Maybe it's because I was raised to appreciate things. When something broke when I was a kid, we didn't automatically get a new one. We had to repair what we had and treat things with care and respect. I think that a lot of our "throwaway" culture has come from kids being spoilt and things being automatically replaced once they were broken by rough handling or improper use. We don't just do it with toys or other things either, it seems that people even do it with living creatures as well. I could go on about it but at the end of the day, what will that do? I guess I want to inspire people to respect the things they have and, especially at this time of year, the people/pets in their lives because you can't just replace them that easily.

Loves
Wendy xx

Sunday, 18 December 2016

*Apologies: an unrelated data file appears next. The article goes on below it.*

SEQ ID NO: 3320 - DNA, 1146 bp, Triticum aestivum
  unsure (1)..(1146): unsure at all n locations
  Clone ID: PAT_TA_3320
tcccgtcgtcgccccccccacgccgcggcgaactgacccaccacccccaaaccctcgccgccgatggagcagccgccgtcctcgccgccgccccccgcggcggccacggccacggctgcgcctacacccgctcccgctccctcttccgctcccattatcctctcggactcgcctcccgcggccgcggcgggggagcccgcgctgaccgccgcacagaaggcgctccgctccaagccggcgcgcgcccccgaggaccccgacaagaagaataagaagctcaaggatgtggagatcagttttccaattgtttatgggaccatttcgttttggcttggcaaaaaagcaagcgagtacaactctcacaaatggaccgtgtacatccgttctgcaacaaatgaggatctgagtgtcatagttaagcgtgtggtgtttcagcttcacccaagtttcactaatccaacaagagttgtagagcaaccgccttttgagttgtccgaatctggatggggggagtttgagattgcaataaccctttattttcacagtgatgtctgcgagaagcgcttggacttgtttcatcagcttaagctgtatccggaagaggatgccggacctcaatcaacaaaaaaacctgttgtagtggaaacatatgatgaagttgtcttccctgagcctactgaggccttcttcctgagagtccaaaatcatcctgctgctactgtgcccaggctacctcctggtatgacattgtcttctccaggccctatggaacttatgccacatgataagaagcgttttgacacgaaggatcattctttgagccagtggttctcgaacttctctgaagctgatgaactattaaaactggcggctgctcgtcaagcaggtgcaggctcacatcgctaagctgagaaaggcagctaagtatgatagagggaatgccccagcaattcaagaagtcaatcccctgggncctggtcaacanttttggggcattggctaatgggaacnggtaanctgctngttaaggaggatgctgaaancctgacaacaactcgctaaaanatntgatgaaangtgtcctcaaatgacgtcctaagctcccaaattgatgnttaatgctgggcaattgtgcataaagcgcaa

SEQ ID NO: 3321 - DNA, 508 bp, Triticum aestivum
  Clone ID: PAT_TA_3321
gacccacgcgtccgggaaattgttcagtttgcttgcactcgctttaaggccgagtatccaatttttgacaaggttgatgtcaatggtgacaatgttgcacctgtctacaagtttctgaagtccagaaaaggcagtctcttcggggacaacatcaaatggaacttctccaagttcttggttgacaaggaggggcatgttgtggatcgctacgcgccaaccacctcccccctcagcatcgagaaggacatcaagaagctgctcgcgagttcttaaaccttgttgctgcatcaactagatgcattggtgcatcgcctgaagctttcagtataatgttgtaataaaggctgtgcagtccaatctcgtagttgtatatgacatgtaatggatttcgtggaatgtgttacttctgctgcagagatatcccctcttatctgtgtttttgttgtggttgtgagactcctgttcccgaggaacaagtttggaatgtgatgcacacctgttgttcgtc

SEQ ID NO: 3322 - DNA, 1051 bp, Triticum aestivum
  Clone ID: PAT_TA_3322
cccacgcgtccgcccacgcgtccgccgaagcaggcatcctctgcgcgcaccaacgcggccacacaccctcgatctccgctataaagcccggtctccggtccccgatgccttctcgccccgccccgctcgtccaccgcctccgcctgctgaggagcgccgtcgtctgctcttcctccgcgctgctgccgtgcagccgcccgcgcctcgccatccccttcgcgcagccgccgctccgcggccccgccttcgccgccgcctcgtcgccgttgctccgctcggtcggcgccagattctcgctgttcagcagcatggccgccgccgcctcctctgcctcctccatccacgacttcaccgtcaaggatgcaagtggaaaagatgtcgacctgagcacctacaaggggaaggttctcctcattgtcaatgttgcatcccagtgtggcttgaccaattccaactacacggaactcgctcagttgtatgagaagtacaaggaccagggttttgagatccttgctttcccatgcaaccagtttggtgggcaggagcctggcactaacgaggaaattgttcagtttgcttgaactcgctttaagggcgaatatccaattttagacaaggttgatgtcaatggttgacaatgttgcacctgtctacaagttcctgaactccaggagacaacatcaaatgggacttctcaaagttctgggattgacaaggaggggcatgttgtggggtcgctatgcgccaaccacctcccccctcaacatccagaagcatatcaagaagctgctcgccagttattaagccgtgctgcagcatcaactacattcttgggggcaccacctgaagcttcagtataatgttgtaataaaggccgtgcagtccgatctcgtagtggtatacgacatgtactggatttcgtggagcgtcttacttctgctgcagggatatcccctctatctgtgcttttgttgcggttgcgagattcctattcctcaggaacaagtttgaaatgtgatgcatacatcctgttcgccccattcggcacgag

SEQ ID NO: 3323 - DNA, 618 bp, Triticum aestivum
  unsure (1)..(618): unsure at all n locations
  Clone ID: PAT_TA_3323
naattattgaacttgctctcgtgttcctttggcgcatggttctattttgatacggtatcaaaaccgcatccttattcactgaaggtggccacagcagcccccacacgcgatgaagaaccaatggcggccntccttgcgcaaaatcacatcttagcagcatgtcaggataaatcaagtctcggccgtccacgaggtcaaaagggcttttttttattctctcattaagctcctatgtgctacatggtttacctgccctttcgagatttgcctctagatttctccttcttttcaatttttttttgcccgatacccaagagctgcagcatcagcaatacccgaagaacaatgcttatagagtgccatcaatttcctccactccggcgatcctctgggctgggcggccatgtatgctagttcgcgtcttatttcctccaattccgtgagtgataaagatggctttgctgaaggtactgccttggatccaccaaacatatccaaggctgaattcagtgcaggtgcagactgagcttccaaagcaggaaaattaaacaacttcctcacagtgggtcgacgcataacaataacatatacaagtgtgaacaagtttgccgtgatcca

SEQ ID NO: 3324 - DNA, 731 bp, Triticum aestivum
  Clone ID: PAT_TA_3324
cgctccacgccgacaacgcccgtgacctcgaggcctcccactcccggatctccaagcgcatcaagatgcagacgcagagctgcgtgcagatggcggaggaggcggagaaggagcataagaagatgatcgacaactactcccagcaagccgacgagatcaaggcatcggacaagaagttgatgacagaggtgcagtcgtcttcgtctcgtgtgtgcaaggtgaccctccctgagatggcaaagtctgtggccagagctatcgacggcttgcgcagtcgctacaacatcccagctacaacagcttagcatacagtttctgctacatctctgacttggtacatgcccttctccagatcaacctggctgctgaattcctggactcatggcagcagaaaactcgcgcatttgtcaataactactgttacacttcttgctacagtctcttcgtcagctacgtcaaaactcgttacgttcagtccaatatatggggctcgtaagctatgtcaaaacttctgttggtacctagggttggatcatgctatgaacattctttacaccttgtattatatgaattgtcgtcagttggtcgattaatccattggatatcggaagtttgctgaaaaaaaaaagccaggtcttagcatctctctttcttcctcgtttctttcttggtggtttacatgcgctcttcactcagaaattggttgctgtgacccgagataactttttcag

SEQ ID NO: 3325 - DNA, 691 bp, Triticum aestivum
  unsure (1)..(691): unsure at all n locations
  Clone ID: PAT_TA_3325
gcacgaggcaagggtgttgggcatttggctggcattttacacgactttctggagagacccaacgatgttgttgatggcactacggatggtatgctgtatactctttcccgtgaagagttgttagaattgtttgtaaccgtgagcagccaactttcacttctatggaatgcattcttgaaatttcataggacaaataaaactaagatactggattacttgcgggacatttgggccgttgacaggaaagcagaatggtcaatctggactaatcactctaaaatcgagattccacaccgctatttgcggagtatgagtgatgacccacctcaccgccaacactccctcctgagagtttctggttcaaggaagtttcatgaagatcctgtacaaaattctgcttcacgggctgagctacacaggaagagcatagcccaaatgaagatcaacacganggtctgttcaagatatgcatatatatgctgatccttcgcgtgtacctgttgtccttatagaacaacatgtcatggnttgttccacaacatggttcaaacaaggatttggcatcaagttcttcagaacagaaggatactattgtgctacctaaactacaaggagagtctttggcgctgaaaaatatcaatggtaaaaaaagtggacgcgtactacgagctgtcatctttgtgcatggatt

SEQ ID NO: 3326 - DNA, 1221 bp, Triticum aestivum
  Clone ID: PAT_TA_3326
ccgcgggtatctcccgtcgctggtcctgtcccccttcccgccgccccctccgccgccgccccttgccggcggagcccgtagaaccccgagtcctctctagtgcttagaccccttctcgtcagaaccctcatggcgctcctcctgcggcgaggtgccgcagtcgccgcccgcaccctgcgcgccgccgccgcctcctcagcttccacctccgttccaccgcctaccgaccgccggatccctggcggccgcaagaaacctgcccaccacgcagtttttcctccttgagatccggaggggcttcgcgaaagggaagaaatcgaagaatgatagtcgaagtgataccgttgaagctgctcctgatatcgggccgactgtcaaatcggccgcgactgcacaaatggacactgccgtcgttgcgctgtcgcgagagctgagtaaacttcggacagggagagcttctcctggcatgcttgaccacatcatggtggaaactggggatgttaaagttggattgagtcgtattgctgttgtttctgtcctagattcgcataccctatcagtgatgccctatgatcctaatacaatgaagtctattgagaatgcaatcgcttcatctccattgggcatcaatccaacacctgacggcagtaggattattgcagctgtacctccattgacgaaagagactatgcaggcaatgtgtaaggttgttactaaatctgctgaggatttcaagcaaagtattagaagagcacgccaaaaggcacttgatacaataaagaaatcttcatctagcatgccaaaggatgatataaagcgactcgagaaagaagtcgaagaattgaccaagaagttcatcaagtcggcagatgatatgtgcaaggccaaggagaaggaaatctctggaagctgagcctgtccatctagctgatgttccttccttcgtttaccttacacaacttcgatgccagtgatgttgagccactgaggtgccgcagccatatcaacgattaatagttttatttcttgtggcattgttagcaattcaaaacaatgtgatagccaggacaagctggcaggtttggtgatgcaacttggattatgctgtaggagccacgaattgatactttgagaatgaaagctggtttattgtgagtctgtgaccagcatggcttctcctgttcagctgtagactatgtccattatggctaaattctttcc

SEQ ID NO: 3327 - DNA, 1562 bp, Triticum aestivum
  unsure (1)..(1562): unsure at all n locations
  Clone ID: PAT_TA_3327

Rough Week...

Treatment for certain conditions can be confusing. Heck, I find my asthma as confusing as anything else and its weird, not even the doctors or nurses really understand it and why its being so difficult. Basically for years it has been bounced around more times than a rubber bouncy ball between different doctors, nurses, hospitals and everywhere else in between. 

Since October, there has been a bit of a spike in my usage and that in itself could a sign of things being out of whack and something that needs desperately looking in to. Why are things so much more difficult at the moment? I have no idea, I have constant infections near enough and I am struggling with things like getting up and going for a pee (yes, going for a pee is actually quite physical apparently) or even eating/drinking.